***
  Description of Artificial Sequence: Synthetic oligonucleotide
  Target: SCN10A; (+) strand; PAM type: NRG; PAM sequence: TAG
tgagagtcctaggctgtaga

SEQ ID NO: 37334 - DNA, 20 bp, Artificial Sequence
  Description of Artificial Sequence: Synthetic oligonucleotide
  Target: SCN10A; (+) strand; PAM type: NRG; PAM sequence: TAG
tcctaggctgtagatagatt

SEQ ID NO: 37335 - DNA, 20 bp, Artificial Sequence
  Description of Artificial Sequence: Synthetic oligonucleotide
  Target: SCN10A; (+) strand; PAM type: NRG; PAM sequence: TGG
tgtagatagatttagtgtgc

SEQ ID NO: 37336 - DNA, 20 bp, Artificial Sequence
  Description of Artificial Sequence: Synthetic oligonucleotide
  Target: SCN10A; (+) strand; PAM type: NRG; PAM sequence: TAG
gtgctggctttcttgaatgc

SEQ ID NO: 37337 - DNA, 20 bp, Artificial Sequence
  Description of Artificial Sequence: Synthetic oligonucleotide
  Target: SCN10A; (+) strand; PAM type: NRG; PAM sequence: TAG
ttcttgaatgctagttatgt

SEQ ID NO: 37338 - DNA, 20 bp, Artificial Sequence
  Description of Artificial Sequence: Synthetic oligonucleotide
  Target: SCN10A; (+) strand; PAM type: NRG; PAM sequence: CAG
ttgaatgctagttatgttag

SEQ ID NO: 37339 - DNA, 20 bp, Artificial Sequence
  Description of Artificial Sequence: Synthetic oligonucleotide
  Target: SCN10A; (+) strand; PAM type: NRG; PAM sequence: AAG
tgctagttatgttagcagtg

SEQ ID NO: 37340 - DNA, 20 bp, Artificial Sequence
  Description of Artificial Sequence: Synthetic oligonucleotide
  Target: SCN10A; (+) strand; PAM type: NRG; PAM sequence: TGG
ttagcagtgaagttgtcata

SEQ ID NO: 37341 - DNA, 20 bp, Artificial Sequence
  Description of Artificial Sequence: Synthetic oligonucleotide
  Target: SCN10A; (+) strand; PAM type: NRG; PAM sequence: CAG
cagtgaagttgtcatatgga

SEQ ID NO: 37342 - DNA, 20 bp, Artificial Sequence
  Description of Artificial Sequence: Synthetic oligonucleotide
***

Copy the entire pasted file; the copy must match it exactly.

  Description of Artificial Sequence: Synthetic oligonucleotide
  Target: SCN10A; (+) strand; PAM type: NRG; PAM sequence: TAG
tgagagtcctaggctgtaga

SEQ ID NO: 37334 - DNA, 20 bp, Artificial Sequence
  Description of Artificial Sequence: Synthetic oligonucleotide
  Target: SCN10A; (+) strand; PAM type: NRG; PAM sequence: TAG
tcctaggctgtagatagatt

SEQ ID NO: 37335 - DNA, 20 bp, Artificial Sequence
  Description of Artificial Sequence: Synthetic oligonucleotide
  Target: SCN10A; (+) strand; PAM type: NRG; PAM sequence: TGG
tgtagatagatttagtgtgc

SEQ ID NO: 37336 - DNA, 20 bp, Artificial Sequence
  Description of Artificial Sequence: Synthetic oligonucleotide
  Target: SCN10A; (+) strand; PAM type: NRG; PAM sequence: TAG
gtgctggctttcttgaatgc

SEQ ID NO: 37337 - DNA, 20 bp, Artificial Sequence
  Description of Artificial Sequence: Synthetic oligonucleotide
  Target: SCN10A; (+) strand; PAM type: NRG; PAM sequence: TAG
ttcttgaatgctagttatgt

SEQ ID NO: 37338 - DNA, 20 bp, Artificial Sequence
  Description of Artificial Sequence: Synthetic oligonucleotide
  Target: SCN10A; (+) strand; PAM type: NRG; PAM sequence: CAG
ttgaatgctagttatgttag

SEQ ID NO: 37339 - DNA, 20 bp, Artificial Sequence
  Description of Artificial Sequence: Synthetic oligonucleotide
  Target: SCN10A; (+) strand; PAM type: NRG; PAM sequence: AAG
tgctagttatgttagcagtg

SEQ ID NO: 37340 - DNA, 20 bp, Artificial Sequence
  Description of Artificial Sequence: Synthetic oligonucleotide
  Target: SCN10A; (+) strand; PAM type: NRG; PAM sequence: TGG
ttagcagtgaagttgtcata

SEQ ID NO: 37341 - DNA, 20 bp, Artificial Sequence
  Description of Artificial Sequence: Synthetic oligonucleotide
  Target: SCN10A; (+) strand; PAM type: NRG; PAM sequence: CAG
cagtgaagttgtcatatgga

SEQ ID NO: 37342 - DNA, 20 bp, Artificial Sequence
  Description of Artificial Sequence: Synthetic oligonucleotide